A ques­tion­able de­ci­sion

SHEP­PAR­TON MAN CON­DEMNS AP­POINT­MENT OF THE DEMO­CRATIC REPUB­LIC OF CONGO TO UN COUN­CIL

Shepparton News - - NEWS - By Rhi­an­non Tuffield

Shep­par­ton Con­golese man Rashidi Sumaili stands with an in­creas­ing num­ber of world lead­ers who have con­demned the ap­point­ment of the Demo­cratic Repub­lic of Congo to an in­ter­na­tional hu­man rights coun­cil, de­spite its decades of proven hu­man rights abuse.

The DRC was among 15 coun­tries elected to the United Na­tions Hu­man Rights Coun­cil for a three-year term last week, along­side Aus­tralia.

Bri­tish UN am­bas­sador Matthew Ry­croft and United States am­bas­sador Nikki Ha­ley spoke out about the move, brand­ing the elec­tion as dis­ap­point­ing and po­ten­tially harm­ful to the cred­i­bil­ity of the body.

The coun­try will take its seat on Jan­uary 1 and is an elec­tion Mr Sumaili can­not un­der­stand.

The DRC-born Shep­par­ton man spent nine years in refugee camps with his fam­ily be­fore he moved to Aus­tralia in 2005.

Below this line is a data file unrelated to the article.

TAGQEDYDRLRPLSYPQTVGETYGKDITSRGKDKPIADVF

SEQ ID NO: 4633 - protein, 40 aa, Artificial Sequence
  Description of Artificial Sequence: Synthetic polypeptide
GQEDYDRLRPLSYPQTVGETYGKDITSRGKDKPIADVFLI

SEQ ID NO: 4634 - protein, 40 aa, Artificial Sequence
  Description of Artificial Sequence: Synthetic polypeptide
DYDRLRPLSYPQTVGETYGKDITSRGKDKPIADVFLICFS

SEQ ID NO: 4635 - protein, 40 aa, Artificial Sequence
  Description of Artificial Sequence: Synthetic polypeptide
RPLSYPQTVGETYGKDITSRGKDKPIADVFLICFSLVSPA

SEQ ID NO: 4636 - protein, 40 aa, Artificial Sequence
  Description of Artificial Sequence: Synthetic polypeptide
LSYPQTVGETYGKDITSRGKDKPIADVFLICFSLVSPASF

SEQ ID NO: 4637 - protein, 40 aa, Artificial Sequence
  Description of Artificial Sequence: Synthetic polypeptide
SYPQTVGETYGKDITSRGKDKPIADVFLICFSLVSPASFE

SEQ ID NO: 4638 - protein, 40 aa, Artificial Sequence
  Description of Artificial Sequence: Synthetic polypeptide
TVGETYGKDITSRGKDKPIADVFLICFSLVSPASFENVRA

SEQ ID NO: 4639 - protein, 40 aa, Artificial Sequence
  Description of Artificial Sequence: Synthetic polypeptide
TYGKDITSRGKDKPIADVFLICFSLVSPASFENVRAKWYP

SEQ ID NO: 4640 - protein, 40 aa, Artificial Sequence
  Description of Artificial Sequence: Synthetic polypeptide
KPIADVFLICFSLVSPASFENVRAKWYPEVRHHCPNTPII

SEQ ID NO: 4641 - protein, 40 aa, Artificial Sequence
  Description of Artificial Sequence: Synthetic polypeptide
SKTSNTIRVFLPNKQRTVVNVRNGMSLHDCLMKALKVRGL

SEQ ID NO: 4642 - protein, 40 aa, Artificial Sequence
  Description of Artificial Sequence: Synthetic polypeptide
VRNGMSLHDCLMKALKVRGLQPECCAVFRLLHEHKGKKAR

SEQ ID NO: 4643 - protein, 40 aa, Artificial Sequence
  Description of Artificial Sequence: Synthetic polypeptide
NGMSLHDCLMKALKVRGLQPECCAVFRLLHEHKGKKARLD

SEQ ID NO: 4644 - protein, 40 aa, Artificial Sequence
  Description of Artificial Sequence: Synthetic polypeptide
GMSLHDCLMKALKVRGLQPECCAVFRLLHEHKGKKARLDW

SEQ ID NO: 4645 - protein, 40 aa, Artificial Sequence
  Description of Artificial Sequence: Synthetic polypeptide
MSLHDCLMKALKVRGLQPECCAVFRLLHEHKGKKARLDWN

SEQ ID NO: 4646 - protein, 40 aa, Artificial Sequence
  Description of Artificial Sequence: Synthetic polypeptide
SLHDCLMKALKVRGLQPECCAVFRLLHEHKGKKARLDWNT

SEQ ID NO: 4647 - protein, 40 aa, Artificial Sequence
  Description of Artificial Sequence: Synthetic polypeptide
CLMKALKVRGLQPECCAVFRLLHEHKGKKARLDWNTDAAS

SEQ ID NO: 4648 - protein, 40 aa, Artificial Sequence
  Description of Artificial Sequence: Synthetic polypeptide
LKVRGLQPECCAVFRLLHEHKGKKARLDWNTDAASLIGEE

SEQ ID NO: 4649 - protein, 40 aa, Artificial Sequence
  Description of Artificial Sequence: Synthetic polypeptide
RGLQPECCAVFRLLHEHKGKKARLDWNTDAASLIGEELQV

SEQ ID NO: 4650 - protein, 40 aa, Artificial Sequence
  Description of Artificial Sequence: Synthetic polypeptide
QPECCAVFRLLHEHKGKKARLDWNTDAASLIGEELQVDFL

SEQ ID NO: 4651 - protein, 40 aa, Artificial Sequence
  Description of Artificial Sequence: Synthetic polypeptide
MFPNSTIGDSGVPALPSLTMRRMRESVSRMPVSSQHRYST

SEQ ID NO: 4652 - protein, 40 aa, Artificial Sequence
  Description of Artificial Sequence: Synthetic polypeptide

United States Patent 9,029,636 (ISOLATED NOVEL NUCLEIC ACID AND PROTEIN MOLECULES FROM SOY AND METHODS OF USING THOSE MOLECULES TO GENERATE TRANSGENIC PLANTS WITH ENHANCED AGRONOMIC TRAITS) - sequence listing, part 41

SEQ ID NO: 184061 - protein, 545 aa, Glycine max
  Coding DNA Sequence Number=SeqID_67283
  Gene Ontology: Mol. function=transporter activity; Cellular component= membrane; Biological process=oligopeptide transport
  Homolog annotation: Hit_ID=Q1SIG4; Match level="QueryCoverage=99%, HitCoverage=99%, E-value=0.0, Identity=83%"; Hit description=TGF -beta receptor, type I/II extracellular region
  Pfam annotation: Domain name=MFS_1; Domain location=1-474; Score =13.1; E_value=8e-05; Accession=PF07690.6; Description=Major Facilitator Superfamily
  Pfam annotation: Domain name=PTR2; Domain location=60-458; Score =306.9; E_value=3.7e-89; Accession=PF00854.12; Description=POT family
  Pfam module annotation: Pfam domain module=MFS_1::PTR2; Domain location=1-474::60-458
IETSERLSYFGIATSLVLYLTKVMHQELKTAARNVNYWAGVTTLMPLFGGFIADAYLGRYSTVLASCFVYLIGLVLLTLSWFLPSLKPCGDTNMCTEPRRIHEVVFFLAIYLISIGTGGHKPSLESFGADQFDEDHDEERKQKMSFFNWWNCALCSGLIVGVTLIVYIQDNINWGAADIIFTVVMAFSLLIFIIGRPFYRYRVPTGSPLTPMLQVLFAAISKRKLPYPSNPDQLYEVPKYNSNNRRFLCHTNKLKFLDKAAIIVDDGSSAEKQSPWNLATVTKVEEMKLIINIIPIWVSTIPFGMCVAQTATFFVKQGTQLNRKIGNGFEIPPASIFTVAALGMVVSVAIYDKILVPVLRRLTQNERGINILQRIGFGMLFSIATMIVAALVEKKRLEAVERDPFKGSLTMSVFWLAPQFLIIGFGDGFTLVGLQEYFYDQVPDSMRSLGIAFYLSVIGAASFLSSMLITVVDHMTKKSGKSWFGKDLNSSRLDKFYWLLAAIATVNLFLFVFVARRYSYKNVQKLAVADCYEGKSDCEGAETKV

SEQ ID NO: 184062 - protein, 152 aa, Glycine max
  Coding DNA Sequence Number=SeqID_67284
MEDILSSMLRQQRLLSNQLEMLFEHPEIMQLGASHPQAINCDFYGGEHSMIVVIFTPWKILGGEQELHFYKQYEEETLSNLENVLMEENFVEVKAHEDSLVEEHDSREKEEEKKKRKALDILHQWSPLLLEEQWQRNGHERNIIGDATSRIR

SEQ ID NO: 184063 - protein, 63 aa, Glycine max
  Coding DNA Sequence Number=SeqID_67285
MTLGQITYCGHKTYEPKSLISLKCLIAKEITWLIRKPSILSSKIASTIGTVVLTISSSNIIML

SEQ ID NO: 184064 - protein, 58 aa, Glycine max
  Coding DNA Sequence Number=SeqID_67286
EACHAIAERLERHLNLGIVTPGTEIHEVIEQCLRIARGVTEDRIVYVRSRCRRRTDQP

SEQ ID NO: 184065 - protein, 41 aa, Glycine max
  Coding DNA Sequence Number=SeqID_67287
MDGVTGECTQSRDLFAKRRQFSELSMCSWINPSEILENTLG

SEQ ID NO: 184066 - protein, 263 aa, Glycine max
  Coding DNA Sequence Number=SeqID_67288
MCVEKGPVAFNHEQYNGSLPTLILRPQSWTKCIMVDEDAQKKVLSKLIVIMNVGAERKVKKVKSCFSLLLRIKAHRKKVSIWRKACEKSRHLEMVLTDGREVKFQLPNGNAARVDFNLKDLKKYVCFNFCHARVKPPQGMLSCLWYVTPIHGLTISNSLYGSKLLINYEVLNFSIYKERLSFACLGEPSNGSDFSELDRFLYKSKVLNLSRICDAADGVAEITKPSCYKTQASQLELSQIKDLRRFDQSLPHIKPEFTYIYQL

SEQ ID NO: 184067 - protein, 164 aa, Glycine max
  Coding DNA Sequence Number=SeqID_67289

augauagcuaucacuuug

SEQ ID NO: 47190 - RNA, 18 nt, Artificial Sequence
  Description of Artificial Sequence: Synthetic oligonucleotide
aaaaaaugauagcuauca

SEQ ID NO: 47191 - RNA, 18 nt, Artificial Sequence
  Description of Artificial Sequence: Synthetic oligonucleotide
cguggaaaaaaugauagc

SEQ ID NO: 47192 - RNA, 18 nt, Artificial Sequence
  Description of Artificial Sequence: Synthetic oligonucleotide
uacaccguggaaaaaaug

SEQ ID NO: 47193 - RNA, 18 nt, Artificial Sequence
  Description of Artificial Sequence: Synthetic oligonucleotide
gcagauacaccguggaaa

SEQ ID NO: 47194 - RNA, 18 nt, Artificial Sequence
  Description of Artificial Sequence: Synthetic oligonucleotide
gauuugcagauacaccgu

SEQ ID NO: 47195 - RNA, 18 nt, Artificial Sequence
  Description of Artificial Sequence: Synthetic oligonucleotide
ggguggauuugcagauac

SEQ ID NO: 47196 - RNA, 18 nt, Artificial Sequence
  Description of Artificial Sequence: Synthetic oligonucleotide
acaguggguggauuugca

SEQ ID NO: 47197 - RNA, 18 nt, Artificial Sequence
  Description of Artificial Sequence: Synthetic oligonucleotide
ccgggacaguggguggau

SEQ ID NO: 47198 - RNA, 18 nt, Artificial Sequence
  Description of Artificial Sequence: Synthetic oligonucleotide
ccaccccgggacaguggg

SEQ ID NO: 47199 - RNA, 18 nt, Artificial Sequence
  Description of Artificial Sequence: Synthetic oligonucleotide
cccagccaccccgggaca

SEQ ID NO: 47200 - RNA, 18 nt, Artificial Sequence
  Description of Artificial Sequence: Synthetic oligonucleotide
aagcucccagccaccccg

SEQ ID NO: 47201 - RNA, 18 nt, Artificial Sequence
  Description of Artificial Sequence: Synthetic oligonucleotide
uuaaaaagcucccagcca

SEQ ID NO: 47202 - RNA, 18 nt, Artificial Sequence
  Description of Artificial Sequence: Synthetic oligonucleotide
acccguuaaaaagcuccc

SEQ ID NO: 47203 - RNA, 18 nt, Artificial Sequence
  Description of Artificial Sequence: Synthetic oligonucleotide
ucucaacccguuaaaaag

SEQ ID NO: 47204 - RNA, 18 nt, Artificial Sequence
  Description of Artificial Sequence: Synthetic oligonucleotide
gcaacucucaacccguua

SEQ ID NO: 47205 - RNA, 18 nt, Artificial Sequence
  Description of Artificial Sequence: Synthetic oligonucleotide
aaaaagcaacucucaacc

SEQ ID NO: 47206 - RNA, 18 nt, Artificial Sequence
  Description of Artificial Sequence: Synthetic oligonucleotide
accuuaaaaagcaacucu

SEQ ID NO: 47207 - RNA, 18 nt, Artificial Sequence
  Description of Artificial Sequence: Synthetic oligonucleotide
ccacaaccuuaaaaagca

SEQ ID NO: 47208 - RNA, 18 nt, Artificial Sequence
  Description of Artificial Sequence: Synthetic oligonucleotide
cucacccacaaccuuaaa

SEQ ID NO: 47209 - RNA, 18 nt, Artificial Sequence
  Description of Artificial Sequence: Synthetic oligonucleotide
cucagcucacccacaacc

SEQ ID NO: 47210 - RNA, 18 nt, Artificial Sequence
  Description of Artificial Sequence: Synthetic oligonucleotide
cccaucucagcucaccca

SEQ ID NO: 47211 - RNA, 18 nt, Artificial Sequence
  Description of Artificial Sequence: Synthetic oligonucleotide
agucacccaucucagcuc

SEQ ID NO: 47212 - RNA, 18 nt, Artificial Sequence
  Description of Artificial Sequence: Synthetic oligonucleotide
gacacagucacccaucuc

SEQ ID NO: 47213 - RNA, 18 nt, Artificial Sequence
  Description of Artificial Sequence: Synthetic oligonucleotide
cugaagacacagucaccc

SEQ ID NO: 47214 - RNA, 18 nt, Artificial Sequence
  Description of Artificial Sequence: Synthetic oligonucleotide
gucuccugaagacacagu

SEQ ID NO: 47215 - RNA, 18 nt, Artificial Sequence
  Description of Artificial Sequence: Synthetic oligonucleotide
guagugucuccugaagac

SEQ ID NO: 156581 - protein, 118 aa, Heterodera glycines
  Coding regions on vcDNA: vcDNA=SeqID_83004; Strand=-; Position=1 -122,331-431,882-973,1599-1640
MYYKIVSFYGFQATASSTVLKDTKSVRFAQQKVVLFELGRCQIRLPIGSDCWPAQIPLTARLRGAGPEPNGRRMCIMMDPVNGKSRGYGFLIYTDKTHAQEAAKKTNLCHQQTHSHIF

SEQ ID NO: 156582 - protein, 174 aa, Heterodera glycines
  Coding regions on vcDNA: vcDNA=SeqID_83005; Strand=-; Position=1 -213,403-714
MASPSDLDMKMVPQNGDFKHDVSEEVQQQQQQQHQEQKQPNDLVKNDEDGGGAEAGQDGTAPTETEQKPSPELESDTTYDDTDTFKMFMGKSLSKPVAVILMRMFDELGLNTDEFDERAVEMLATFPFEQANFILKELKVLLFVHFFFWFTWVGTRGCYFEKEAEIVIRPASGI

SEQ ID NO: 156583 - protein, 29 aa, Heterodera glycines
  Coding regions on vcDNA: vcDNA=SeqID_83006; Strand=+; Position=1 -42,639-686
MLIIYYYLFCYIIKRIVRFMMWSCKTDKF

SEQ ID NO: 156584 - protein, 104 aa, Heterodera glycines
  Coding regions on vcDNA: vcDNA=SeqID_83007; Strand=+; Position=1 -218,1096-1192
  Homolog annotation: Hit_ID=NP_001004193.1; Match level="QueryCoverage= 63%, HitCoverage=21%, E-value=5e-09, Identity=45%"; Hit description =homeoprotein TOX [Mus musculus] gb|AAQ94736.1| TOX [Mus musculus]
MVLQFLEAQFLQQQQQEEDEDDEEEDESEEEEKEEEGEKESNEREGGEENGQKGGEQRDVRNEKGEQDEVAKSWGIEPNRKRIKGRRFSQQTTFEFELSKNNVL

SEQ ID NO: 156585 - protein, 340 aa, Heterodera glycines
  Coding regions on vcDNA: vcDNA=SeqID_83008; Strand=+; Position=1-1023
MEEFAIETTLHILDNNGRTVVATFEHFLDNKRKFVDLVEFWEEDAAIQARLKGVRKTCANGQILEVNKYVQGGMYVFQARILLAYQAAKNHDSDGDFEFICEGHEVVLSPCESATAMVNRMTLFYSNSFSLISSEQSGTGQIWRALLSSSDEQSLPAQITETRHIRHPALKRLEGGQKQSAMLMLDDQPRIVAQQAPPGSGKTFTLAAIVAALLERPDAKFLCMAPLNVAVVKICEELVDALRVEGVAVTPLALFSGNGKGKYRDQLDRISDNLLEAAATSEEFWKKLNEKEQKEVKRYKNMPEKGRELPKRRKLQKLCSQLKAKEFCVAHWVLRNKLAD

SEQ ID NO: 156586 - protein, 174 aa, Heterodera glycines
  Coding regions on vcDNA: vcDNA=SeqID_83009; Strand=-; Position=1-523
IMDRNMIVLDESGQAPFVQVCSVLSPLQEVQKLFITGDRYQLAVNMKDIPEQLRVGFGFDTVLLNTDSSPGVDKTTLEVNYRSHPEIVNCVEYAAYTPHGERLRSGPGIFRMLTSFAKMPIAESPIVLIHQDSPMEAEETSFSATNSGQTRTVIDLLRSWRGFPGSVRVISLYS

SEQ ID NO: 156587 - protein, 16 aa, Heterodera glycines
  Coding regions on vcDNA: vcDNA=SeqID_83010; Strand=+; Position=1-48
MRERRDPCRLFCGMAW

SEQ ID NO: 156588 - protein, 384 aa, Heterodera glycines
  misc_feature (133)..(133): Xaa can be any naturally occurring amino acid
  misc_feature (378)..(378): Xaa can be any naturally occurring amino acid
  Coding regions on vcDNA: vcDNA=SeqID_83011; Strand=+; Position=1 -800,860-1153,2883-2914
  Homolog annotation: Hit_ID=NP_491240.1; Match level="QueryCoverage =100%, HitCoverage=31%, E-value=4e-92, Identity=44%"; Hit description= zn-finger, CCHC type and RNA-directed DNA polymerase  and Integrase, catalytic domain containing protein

As a re­cip­i­ent of a Univer­sal Peace Fed­er­a­tion Award and now a mem­ber of the Global Net­work of Peace Build­ing, Mr Sumaili said the ac­cep­tance of the DRC in such a po­si­tion would ‘‘cre­ate a lack of trust and un­der­mine the cred­i­bil­ity and abil­ity to pro­mote hu­man rights’’.

Mr Sumaili said po­lit­i­cal vi­o­lence and gov­ern­ment re­pres­sion had in­ten­si­fied un­der pres­i­dent Joseph Ka­bila.

Vi­o­lence in eastern and cen­tral Congo dis­placed 1.5 mil­lion in the past year and re-opened fears of civil war.

Conf lict be­tween 1996 and 2003 re­sulted in mil­lions of deaths and cre­ated an in­sur­gence of dozens of armed groups.

‘‘The Congo it­self, when you look at the his­tory, does not por­tray a good stan­dard with its treat­ment of peo­ple,’’ Mr Sumaili said.

‘‘There’s no chance for the gov­ern­ment to change un­til the UN and west­ern coun­tries who un­der­stand the value of democ­racy push the gov­ern­ment to change its agenda.’’

While Bri­tain and the US crit­i­cised the ap­point­ment, For­eign Min­is­ter Julie Bishop told the ABC she be­lieved it was ben­e­fi­cial for coun­tries with records that were ‘‘ques­tion­able’’ to face the scru­tiny of mem­ber­ship.

‘‘It is bet­ter for coun­tries to be on the coun­cil, to be sub­ject to scru­tiny, to be ac­count­able and more trans­par­ent,’’ Ms Bishop said.

THERE’S NO CHANCE FOR THE GOV­ERN­MENT TO CHANGE UN­TIL THE UN AND WEST­ERN COUN­TRIES WHO UN­DER­STAND THE VALUE OF DEMOC­RACY PUSH THE GOV­ERN­MENT TO CHANGE ITS AGENDA. —RASHIDI SUMAILI

Pic­ture: Ray Sizer

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